-Garry Leach's painting demo and 'Tank girl at 20' with Rufus Dayglo (who is mentored by Leach) were both fantastic. To be fair, Leach's was common sense colouring, blocking and toning with paints but it was great to see I had some sort of grasp on professional technique. Rufus' lecture was fascinating for both his humour and his portfolio of beautifully inked comic work. I'm learning by seeing lectures like this that a good portfolio has consistency of quality but is varied in style and/or contexts, showing you can fill various areas to a professional degree.
However, my favourite event was 'Hello Chiarello' with Mark Chiarello, Editor, artist and writer of DC comics. I found his drawing style and colouring absolutely incredible and he himself is a charismatic being. From his lecture I learned to just be persistent with the career I choose, to be friendly with everyone I meet and that my own original ideas can distinct myself from others, much like Mark's 'Negro League' work in which he painted portraits of black baseball players from 'the golden years' who would have otherwise been forgotten by a racist industry.
All in all, an enjoyable and insightful experience.
Whilst searching for images of Twin Peaks, I came across a very well laid out and sharp witted blog called Club Silencio. This seems like a good place to both learn how even a basic blog can look presentable (white borders on a black background) and about obscure films of interest. There is also a regular update of retro horror posters, old school examples on how to (or not) present an image.
Julian of 'Gamers with Jobs' writes here an article on narrative devices in video games. He has a point; creators should be looking to expand rather than dwell on systems developed for games from 20 years ago. Narrative and character development are absolutely key issues in most immersive style video games and depriving the player of involvment in their inception is an alientating move; one that is more of an act of dumbening down than an invitation to explore.
Bursary offered and studio space provided The V&A has a programme of six month residencies in the Sackler Centre for arts education at the V&A and presents a new opportunity for early career practitioners to have a studio at the V&A for six months commencing 1st July 2009. Proposals are invited from UK based graphic novelists and comic artists working with, or wishing to work in the medium, who wish to develop their practice through working with the V&A collections and by engaging in the public participatory programmes that the Museum runs. To apply go to www.vam.ac.uk/jobs Closing date for applications: 4th January 2009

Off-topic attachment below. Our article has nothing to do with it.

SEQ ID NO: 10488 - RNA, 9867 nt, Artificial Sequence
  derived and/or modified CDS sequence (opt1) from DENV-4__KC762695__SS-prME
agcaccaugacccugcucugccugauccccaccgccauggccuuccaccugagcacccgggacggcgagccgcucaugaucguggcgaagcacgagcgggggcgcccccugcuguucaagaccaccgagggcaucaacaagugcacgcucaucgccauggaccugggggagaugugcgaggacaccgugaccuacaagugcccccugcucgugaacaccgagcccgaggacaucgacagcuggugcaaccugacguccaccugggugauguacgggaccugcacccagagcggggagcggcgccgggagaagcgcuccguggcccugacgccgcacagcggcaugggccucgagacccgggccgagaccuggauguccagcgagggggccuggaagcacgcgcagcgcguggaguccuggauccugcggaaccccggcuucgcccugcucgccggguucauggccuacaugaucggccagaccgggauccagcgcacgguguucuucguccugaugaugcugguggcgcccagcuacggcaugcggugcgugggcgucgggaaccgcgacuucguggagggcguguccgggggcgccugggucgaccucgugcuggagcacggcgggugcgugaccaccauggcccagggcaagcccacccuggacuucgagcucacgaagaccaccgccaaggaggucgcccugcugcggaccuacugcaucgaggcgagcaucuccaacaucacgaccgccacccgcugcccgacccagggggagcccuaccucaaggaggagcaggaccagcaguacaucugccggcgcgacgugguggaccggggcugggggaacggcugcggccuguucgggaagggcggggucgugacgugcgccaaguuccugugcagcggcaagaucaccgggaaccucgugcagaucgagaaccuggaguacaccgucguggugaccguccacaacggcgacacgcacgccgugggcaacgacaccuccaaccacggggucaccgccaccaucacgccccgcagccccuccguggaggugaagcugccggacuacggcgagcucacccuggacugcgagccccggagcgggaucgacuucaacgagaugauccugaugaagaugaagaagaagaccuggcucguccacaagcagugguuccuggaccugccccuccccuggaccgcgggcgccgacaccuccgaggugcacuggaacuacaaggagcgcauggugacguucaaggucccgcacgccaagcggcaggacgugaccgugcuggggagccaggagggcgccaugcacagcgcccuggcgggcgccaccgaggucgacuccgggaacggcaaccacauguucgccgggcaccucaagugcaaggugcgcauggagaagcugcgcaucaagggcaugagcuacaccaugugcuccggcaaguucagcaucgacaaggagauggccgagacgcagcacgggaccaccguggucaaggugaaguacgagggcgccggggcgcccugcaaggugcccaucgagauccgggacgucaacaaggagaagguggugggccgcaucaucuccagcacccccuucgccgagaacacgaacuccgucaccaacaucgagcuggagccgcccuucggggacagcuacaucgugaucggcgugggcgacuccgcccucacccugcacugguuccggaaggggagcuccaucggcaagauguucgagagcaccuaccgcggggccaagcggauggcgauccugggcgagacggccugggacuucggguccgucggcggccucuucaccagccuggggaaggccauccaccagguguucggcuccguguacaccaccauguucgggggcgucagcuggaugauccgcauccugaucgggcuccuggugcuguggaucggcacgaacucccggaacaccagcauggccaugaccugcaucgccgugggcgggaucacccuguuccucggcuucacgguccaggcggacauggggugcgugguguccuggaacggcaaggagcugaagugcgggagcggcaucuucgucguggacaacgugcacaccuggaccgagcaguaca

This job would be very fun and useful for myself. Could I pull my work toward it for the date?
First some sound-adapation jewellery from Sakura Koshimizu. These clever pieces are cut with soundwaves taken from giggles, sneezes and snores so they have the potential for an eerie personality..
And then we have a tasty collection of sugary lips from ViaComIT. These images are vibrant and leave me feeling a little confused about the definition of a 'sugary treat'... Great colours and textures.
Before I sit my arse back down for another few hours of drawing, I've found some competitions that I'm unsuited for and thought describing why might help me think.
First is the LLOYDS TSB Art competition; create a piece based on a keyword (insert various management-based keywords)
The work they're looking for isn't rooted in character design and is quite dullcet. I suppose at a push I could bend to remove all humour from what I draw..
Here are previous winners
I'm not saying this work isn't good in it's own way I just don't produce images that would suit this criteria.
Next is the Penguin Design Award. I wish I had the skills to do this as type always looks so good, so effortlessly when in the hands of a master.
For example, here are the winners of the previous two years:
On the other hand, Fumetto's graphic Novel competition is something I can participate in if I make an effort. It would make more sense to submit to character design and animation competitions to be honest but this is just what I found whilst eating some pie so.. I'll get on that later.